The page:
The researchers positioned the study in a cultural ecological framework of localizing information and communication technology (ICT) within an educational context (Vesisenaho and Dillon 2013). This model focuses on the relationships between people and suggests that the use of ICT is influenced by not only these relationships, but also the “local” resources and contexts. Furthermore, this theoretical framework supports the assumption of a reciprocal relationship between the user and the environment (Dillon 2008). Thus, there is the assumption of a dynamic and multi-faceted relationship between the user and the ICT.

Given the aforementioned framework, we acknowledge that the use of ICT, smart phones in this case, is dependent on the user and local environment and contexts such as the relationships with colleagues as well as factors in the school, classroom, and community. For example, since there are institutional assumptions of collaboration among teachers and parents at this particular research site, we expect such assumptions of collaboration may shape the use of technology. Furthermore, the nature of an inclusive school and the relationships and interactions of the teachers, staff, and parents may also influence the ways in which technology is used. Thus, we assume that this school site has unique features that impact the use of smart phones.

The cultural ecological framework is similar to the social view, which suggests that “knowledge” is constructed through interaction with others’ minds and views (Garcia and Rose 2007). Furthermore, effective learning through IS occurs when there is meaningful interaction between the “people, tools, and content” (Garcia and Rose 2007, p. 248). In order for such use of technology to be effective, it should not simply be used for the transfer of knowledge, but should be used as a way to make meaning and construct new knowledge (Doolittle and Hicks 2003). Therefore, this research focuses not only on how the teachers simply communicate with each other through this IS, but also how smart phones are used to make meaning and construct new knowledge in a collaborative manner.

4 Method

4.1 Participants and setting

To explore how teachers use smart phones to collaborate in inclusive schools, the researchers conducted semi-structured interviews with five elementary school teachers, two special education teachers and three general education teachers. These five teachers were organized into two teaching teams. There were three females and two males in the sample. Two teachers were Hispanic, two teachers were Caucasian, and one teacher was Black. Teaching experience ranged from 7 to 25 years (see Table 1). The elementary school was located in a large urban area in the southwestern United States. Nearly all the students (98 %) received free or reduced price lunch. The school is approximately 72 % Hispanic, 15 % Asian, 8 % Black, and 5 % Caucasian.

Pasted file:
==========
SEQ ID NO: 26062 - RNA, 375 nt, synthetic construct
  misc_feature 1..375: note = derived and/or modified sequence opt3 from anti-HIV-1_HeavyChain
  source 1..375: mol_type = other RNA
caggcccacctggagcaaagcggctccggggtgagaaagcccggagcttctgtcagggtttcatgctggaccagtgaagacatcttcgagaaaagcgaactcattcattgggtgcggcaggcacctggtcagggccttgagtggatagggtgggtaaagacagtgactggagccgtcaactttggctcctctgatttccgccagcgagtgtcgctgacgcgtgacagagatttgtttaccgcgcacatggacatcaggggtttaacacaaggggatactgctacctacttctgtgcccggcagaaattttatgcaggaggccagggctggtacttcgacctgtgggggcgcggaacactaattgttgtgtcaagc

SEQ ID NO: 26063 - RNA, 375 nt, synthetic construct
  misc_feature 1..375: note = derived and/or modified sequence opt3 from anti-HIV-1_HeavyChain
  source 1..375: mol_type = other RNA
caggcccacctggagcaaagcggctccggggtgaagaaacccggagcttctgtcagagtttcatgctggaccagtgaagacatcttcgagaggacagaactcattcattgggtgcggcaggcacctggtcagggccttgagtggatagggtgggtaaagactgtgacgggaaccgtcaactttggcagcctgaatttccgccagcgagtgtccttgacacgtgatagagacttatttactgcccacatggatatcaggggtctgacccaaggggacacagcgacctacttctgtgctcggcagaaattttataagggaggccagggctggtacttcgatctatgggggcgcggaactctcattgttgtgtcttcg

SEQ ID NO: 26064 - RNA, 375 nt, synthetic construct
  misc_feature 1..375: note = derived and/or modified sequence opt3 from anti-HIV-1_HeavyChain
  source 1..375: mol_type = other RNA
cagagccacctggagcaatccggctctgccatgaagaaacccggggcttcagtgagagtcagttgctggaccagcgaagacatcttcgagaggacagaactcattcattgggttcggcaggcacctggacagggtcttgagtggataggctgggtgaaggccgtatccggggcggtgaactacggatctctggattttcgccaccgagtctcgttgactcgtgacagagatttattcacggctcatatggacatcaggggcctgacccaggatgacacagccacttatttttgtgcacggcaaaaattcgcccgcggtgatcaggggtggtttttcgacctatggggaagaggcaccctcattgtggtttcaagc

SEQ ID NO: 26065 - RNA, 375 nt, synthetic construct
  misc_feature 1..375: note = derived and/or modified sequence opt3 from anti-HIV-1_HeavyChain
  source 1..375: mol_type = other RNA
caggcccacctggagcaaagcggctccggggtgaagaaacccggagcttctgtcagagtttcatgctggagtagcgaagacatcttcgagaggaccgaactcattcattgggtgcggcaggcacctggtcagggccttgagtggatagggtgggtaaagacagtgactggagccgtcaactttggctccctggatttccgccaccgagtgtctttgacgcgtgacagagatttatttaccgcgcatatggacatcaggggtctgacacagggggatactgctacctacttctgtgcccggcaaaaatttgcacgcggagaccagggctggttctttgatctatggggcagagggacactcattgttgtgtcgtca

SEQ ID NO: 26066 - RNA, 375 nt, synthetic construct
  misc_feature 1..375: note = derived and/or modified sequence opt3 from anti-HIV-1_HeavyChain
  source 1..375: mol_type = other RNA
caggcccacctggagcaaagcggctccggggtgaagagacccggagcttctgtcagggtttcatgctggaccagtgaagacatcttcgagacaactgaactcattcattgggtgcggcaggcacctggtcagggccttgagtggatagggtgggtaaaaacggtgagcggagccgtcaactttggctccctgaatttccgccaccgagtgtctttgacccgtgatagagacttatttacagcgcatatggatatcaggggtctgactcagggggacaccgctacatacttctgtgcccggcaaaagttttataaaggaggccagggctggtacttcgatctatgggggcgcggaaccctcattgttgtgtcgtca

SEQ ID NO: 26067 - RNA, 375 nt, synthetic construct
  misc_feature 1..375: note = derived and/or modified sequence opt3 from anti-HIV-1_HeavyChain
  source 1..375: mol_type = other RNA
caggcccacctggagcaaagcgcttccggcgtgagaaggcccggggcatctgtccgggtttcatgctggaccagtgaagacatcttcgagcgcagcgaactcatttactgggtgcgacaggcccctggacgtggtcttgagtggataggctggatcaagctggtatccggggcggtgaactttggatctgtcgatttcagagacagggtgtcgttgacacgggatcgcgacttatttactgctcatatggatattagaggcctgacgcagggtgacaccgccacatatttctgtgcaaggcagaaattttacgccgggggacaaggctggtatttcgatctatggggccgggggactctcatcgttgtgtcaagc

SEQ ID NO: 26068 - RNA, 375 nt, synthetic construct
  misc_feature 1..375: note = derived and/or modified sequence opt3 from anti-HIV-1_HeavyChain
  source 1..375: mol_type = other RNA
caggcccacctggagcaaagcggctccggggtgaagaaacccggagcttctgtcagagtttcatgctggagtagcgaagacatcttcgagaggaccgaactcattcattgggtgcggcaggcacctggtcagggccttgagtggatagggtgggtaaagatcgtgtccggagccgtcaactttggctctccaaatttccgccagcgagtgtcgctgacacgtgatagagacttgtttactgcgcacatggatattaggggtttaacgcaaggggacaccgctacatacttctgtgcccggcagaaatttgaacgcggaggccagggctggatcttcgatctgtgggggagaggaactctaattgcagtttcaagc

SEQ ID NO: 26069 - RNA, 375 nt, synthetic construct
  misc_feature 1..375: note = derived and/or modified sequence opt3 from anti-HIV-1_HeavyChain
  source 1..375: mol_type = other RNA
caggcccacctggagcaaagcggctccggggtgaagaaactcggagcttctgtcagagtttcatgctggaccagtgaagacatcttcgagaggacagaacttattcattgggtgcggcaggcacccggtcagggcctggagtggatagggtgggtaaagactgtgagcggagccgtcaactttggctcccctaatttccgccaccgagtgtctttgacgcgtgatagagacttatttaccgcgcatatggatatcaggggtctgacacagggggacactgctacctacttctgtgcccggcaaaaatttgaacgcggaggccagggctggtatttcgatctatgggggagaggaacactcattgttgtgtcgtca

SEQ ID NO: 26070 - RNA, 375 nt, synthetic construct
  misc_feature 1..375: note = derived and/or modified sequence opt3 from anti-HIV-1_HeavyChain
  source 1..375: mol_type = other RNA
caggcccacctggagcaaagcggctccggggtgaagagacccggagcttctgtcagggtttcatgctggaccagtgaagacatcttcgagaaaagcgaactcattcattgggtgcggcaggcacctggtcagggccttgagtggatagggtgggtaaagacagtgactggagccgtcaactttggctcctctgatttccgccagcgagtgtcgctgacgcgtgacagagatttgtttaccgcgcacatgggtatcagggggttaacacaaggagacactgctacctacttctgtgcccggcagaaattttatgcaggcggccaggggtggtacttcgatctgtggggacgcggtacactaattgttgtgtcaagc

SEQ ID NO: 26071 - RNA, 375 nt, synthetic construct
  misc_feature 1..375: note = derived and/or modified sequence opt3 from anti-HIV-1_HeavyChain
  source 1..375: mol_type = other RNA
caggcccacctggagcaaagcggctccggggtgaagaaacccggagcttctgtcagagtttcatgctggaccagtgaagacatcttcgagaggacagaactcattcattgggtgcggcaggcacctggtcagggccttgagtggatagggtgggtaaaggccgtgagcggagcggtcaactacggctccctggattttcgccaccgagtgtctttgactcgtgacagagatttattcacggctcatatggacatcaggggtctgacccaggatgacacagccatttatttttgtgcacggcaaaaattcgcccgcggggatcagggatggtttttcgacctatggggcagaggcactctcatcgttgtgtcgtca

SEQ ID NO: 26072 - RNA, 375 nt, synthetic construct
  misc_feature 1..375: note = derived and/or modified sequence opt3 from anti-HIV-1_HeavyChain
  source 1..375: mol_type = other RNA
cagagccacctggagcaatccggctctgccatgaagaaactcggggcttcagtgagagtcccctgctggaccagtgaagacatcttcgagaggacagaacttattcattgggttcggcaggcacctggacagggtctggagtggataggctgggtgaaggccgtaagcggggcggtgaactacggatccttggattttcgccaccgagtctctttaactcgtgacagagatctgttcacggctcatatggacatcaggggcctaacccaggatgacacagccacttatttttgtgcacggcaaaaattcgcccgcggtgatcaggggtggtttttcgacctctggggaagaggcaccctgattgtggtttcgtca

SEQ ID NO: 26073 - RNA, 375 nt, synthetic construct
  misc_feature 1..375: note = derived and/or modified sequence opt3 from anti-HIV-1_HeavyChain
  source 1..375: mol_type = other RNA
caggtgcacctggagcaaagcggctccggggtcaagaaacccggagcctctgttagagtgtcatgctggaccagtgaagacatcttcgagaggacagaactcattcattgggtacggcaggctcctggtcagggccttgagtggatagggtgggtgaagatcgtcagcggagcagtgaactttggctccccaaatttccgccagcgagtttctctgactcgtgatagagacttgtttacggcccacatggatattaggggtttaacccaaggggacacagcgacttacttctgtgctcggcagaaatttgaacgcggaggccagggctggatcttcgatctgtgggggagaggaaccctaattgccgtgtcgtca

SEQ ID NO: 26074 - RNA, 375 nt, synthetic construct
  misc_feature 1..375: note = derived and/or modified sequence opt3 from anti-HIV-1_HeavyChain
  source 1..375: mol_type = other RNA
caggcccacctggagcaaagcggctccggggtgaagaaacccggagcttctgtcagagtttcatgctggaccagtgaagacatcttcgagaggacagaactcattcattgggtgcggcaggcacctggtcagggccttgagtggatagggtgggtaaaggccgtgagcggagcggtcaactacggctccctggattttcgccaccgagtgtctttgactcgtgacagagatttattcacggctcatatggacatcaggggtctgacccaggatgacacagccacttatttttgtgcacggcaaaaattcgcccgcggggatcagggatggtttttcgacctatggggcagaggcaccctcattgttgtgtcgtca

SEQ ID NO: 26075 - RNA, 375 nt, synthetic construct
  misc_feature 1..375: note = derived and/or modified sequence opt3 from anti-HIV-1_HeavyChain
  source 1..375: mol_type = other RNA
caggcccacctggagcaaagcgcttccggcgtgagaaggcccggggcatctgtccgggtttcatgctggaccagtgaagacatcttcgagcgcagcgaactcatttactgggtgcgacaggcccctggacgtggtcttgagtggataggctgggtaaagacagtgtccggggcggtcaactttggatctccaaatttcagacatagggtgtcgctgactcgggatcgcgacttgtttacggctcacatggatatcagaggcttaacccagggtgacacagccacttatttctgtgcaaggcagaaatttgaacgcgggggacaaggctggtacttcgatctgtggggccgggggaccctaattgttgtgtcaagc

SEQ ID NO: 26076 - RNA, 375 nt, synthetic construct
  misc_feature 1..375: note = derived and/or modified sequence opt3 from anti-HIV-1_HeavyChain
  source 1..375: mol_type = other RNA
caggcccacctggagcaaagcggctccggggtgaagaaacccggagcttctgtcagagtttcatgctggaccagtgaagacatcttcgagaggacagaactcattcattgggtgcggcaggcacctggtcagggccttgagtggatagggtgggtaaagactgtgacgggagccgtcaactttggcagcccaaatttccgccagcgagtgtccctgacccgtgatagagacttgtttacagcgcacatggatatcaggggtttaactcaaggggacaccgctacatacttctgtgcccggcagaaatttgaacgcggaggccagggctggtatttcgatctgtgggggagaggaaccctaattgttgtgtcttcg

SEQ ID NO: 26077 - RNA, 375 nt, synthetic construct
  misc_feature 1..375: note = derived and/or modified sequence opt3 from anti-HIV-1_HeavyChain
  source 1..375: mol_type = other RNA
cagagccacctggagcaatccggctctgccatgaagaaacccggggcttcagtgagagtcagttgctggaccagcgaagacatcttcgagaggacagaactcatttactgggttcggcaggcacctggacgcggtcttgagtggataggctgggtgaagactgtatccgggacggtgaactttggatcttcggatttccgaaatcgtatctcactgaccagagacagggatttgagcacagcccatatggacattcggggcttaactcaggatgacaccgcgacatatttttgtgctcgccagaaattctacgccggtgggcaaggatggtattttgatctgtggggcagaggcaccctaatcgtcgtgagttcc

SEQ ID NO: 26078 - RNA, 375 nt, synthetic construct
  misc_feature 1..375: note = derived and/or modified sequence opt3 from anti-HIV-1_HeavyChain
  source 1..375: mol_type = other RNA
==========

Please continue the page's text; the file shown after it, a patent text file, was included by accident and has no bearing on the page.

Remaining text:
Table 1




Grade Level/Team


Years Teaching


Special Educator

3rd grade




General Educator

3rd grade




General Educator

3rd grade




Special Educator

5th grade




General Educator

5th grade



*Names changed to protect anonymity

Purposeful sampling was used in this study. The researchers chose teachers who identified themselves as having previously used text messaging for collaboration, and whom one of the researchers knew used text messaging to collaborate in some way. Interviews were conducted with each individual teacher and each interview lasted from 30 min to an hour. Teachers were asked: (a) Tell me about how you use text messaging to collaborate with your teaching team; (b) Tell me about how you use text messaging to collaborate with others such as related service providers, administrators, and/or parents; (c) Tell me whether you think using text messaging has been beneficial; (d) Tell me about the drawbacks of using text messaging to collaborate; (e) Is there anything else you would like to share about the use of text messaging to collaborate?

4.2 Analysis

The researchers used a constant comparison method based on constructivist grounded theory as the framework for the analysis (Charmaz and Mitchell 2001). Built upon grounded theory developed by Glaser and Strauss (1967), use of this method allowed the researchers to analyze data throughout the data collection process (Charmaz 2005). Thus, the prior interview data was used to inform data collection throughout the duration of the research. For example, after the first interview, we found that a teacher had described ways in which she used text messaging to communicate with parents and, therefore, we became interested in determining if other teachers used text messaging in a similar manner. Furthermore, a constructivist grounded theoretical framework was used due to the assumption that each researcher entered the field with his or her own frame of reference and subjectivity, which may have influenced interpretation of the interview data (Charmaz and Mitchell 2001).